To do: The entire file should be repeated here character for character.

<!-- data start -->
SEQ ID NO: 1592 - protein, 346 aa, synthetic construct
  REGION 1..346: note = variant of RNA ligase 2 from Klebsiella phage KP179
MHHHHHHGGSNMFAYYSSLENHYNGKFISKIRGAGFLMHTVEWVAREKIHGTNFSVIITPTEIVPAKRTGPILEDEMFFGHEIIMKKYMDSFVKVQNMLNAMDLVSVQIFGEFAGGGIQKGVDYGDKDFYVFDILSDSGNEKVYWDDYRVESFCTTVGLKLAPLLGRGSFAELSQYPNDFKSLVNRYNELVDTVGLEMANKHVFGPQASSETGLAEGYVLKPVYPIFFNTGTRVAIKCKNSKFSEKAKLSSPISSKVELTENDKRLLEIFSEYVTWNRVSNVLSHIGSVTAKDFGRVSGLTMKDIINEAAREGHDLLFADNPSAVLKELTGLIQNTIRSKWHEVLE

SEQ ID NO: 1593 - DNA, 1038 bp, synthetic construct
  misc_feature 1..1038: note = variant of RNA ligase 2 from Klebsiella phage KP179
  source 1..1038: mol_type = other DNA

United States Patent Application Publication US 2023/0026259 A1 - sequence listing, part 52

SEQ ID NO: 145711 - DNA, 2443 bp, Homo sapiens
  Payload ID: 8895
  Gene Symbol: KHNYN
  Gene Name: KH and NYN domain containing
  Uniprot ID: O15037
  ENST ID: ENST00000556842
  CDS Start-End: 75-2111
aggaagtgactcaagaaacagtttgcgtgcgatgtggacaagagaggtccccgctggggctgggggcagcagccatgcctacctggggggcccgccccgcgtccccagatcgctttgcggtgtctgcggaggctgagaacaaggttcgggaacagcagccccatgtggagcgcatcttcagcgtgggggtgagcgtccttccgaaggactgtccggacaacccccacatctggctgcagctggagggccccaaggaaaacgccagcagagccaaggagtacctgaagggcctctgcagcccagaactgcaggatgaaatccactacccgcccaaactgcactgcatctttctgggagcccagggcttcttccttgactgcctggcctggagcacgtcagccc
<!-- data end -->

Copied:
SEQ ID NO: 1592 - protein, 346 aa, synthetic construct
  REGION 1..346: note = variant of RNA ligase 2 from Klebsiella phage KP179
MHHHHHHGGSNMFAYYSSLENHYNGKFISKIRGAGFLMHTVEWVAREKIHGTNFSVIITPTEIVPAKRTGPILEDEMFFGHEIIMKKYMDSFVKVQNMLNAMDLVSVQIFGEFAGGGIQKGVDYGDKDFYVFDILSDSGNEKVYWDDYRVESFCTTVGLKLAPLLGRGSFAELSQYPNDFKSLVNRYNELVDTVGLEMANKHVFGPQASSETGLAEGYVLKPVYPIFFNTGTRVAIKCKNSKFSEKAKLSSPISSKVELTENDKRLLEIFSEYVTWNRVSNVLSHIGSVTAKDFGRVSGLTMKDIINEAAREGHDLLFADNPSAVLKELTGLIQNTIRSKWHEVLE

SEQ ID NO: 1593 - DNA, 1038 bp, synthetic construct
  misc_feature 1..1038: note = variant of RNA ligase 2 from Klebsiella phage KP179
  source 1..1038: mol_type = other DNA

United States Patent Application Publication US 2023/0026259 A1 - sequence listing, part 52

SEQ ID NO: 145711 - DNA, 2443 bp, Homo sapiens
  Payload ID: 8895
  Gene Symbol: KHNYN
  Gene Name: KH and NYN domain containing
  Uniprot ID: O15037
  ENST ID: ENST00000556842
  CDS Start-End: 75-2111
aggaagtgactcaagaaacagtttgcgtgcgatgtggacaagagaggtccccgctggggctgggggcagcagccatgcctacctggggggcccgccccgcgtccccagatcgctttgcggtgtctgcggaggctgagaacaaggttcgggaacagcagccccatgtggagcgcatcttcagcgtgggggtgagcgtccttccgaaggactgtccggacaacccccacatctggctgcagctggagggccccaaggaaaacgccagcagagccaaggagtacctgaagggcctctgcagcccagaactgcaggatgaaatccactacccgcccaaactgcactgcatctttctgggagcccagggcttcttccttgactgcctggcctggagcacgtcagccc